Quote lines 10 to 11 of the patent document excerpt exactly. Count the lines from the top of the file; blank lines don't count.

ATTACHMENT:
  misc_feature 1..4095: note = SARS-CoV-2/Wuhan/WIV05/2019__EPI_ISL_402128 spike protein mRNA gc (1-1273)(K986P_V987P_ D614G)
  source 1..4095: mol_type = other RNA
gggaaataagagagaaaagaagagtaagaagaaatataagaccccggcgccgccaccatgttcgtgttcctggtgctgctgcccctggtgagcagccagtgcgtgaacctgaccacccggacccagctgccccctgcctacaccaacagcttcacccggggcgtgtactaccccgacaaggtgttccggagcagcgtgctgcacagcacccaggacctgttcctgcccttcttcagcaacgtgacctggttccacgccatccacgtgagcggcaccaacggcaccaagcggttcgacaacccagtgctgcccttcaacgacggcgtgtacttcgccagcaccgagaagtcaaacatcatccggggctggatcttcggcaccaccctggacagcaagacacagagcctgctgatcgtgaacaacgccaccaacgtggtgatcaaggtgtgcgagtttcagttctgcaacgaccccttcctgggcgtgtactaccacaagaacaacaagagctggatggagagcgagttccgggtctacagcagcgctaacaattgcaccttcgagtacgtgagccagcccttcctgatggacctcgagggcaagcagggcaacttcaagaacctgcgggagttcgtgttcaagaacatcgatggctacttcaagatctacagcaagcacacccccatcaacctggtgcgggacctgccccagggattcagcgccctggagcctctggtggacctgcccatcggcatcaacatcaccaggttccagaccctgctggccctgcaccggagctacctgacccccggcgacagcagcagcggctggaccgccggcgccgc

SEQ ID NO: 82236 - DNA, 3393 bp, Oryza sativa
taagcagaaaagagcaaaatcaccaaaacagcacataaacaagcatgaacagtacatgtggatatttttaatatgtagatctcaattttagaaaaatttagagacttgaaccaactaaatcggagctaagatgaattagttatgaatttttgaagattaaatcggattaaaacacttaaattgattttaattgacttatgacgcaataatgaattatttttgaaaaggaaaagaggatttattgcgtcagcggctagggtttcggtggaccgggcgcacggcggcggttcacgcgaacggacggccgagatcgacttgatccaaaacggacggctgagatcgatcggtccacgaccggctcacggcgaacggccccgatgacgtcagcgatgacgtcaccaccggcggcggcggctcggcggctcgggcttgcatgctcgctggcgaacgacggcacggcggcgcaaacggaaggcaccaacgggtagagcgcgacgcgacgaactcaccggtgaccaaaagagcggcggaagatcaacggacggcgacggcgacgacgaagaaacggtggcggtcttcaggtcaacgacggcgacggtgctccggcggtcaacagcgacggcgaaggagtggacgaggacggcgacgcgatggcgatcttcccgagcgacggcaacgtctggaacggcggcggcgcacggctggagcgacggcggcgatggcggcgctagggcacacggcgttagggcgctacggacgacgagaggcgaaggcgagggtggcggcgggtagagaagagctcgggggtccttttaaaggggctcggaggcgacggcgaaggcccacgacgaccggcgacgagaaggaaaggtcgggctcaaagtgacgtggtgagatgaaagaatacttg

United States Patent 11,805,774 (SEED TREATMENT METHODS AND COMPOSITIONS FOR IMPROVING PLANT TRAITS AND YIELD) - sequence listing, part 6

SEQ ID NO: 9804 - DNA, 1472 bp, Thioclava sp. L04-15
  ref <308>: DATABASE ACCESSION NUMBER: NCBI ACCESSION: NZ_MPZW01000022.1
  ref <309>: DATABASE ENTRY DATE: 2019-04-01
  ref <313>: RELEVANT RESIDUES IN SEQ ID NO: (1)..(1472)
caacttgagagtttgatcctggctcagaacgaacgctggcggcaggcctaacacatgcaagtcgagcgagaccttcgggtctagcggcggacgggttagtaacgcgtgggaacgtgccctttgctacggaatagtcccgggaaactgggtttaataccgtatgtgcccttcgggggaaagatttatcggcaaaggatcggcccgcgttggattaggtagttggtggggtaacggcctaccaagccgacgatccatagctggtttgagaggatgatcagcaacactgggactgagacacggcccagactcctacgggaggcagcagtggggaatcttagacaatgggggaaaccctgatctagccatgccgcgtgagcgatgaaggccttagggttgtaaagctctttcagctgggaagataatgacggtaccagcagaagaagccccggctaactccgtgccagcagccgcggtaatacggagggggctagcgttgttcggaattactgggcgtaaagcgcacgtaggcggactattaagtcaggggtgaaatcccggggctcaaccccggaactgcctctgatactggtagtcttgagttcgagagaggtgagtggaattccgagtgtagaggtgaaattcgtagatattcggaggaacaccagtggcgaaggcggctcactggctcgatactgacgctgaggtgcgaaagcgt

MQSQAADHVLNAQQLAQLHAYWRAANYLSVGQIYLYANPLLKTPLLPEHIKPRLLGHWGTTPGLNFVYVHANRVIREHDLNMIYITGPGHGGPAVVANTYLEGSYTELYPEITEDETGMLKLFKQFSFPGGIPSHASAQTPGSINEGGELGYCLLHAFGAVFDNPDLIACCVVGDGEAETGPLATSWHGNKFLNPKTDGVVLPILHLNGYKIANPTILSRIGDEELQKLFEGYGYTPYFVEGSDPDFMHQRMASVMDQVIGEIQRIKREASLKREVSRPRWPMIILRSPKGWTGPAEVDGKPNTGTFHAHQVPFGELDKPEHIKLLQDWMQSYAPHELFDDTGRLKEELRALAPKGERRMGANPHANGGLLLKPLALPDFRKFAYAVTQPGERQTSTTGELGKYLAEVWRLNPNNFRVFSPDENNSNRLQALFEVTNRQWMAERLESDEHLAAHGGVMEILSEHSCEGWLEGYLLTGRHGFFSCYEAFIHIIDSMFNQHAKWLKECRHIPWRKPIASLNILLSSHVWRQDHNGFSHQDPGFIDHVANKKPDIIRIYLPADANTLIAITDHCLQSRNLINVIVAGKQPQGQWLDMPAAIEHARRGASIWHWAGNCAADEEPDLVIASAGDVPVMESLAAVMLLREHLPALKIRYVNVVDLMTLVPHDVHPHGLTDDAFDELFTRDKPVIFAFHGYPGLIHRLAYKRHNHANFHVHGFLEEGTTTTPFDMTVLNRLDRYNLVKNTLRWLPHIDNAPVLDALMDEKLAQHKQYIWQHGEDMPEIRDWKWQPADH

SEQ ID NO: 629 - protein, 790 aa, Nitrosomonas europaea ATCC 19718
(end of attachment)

  ref <313>: RELEVANT RESIDUES IN SEQ ID NO: (1)..(1472)
caacttgagagtttgatcctggctcagaacgaacgctggcggcaggcctaacacatgcaagtcgagcgagaccttcgggtctagcggcggacgggttagtaacgcgtgggaacgtgccctttgctacggaatagtcccgggaaactgggtttaataccgtatgtgcccttcgggggaaagatttatcggcaaaggatcggcccgcgttggattaggtagttggtggggtaacggcctaccaagccgacgatccatagctggtttgagaggatgatcagcaacactgggactgagacacggcccagactcctacgggaggcagcagtggggaatcttagacaatgggggaaaccctgatctagccatgccgcgtgagcgatgaaggccttagggttgtaaagctctttcagctgggaagataatgacggtaccagcagaagaagccccggctaactccgtgccagcagccgcggtaatacggagggggctagcgttgttcggaattactgggcgtaaagcgcacgtaggcggactattaagtcaggggtgaaatcccggggctcaaccccggaactgcctctgatactggtagtcttgagttcgagagaggtgagtggaattccgagtgtagaggtgaaattcgtagatattcggaggaacaccagtggcgaaggcggctcactggctcgatactgacgctgaggtgcgaaagcgt